(Note the opposing swells.)
Thursday, August 25th, 2011. 19:39
The Rain Before THE Rain
The air might smell like the copious raindrops that fill it, or like salt marsh, but my nose is stuffy. I guess that’s what I get for surfing in hypothermia-inducing, upwelled waters this afternoon. I paddled out amid the hordes at Manasquan, even though the cloud formations indicated impending doom and the water was painfully cold, because the waves actually had faces. Faces on which I could make use of the very minor trickage I have in my arsenal. The wind was blowing hard out of the south, but the jetty blocked it and surprisingly smooth peaks remained. Anyway, after about 30 seconds, my core ceased circulation to my extremities and now I can’t smell anything.
Thunder rumbles continuously, and the dense clouds are occasionally illuminated by dull, bluish flashes.
“Chance of rain: 90%,” The Weather Channel tells me. Every ten minutes. The local forecast breaks up the round-the-clock coverage of Hurricane Irene, which they’re saying could be a 100-year event–especially in terms of flooding. In terms of other things, well, the mayor just called and said a voluntary evacuation is in effect for the barrier island. I received a Facebook message from the Garden State Grudge Match Trials: “No comp due to evacs! Go surf, have fun, & be safe!”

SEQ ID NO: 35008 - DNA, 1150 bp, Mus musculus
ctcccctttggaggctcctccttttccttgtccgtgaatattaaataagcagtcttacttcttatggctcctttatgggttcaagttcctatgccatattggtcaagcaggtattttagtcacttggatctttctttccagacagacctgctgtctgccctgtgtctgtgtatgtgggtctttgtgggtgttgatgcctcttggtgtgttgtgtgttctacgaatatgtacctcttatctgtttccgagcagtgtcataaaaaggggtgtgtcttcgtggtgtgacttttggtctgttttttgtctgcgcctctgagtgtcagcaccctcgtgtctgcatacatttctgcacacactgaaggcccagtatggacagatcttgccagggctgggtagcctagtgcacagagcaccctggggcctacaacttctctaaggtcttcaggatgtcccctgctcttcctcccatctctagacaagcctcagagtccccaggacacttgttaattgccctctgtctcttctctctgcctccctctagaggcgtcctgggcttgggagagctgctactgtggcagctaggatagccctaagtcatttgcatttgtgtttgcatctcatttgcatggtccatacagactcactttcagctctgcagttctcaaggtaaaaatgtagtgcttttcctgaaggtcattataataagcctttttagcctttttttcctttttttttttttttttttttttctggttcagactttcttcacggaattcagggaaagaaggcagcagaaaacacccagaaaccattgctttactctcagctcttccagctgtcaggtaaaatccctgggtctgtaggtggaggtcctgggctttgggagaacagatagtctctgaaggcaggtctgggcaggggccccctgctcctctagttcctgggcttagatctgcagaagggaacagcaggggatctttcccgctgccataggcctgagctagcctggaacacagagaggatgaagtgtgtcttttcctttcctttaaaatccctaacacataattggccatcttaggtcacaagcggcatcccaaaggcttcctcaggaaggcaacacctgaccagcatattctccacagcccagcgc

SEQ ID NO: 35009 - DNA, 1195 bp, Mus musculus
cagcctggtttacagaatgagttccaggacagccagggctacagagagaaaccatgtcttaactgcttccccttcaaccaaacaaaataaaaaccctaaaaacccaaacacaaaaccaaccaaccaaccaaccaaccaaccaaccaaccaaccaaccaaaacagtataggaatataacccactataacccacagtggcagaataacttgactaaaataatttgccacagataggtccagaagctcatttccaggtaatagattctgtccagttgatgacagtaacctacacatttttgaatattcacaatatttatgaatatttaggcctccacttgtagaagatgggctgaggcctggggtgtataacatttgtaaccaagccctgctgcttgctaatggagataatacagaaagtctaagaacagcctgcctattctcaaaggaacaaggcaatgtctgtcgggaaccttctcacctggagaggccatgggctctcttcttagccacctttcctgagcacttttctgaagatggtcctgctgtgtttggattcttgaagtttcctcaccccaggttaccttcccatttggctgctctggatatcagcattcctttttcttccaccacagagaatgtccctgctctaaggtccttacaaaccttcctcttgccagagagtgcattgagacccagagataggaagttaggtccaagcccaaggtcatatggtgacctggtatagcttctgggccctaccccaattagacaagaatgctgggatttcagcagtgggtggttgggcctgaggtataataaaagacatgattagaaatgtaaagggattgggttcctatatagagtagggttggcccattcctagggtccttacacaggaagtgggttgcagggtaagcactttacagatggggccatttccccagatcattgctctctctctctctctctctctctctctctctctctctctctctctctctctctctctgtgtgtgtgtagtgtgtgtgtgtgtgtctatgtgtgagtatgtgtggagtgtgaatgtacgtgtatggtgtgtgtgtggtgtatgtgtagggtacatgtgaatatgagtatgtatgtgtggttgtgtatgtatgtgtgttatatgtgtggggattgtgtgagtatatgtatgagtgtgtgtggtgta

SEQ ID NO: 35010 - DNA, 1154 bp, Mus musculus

We’re supposed to prepare for a direct hit: flash flooding and storm surge and high, high winds.
“A hurricane watch and a flood watch have been issued for our area.”
Irene is on-track to clobber New York City. The last time the city saw a hurricane was more than a hundred years ago. If I were still living in the city, I’d evac for sure. Fuck those sheets of glass falling from the sky.
Magic Seaweed is saying we’ll get a 15.5-foot swell on Sunday. Will anyone be there to see it?
Her: How was it–bad?
Me: No, it was fun, actually!
Her: Good. That’s how it’s supposed to be!
So true. Spread the word.
Last Wednesday, I brought my board when I met Jackie at the beach–mostly because I could; not necessarily because I expected the surf to be any good. The Park has decided to let us surf anywhere that is not a designated swimming area. Finally. This means that if you happen to have a day free of work or other obligations, you don’t have to rise with the sun to get in a decent session before the lifeguards kick your ass down to the ever-migrating surf beach. Since the regulation relaxation, I’ve noticed a lot more surfers in the water. Lured out by facility, I guess. Getting up super early/dropping by post-work does require some additional effort, which I can see being a deterrent–especially when the afternoon swell is often killed by the wind and the tides only occasionally ally themselves with your free time.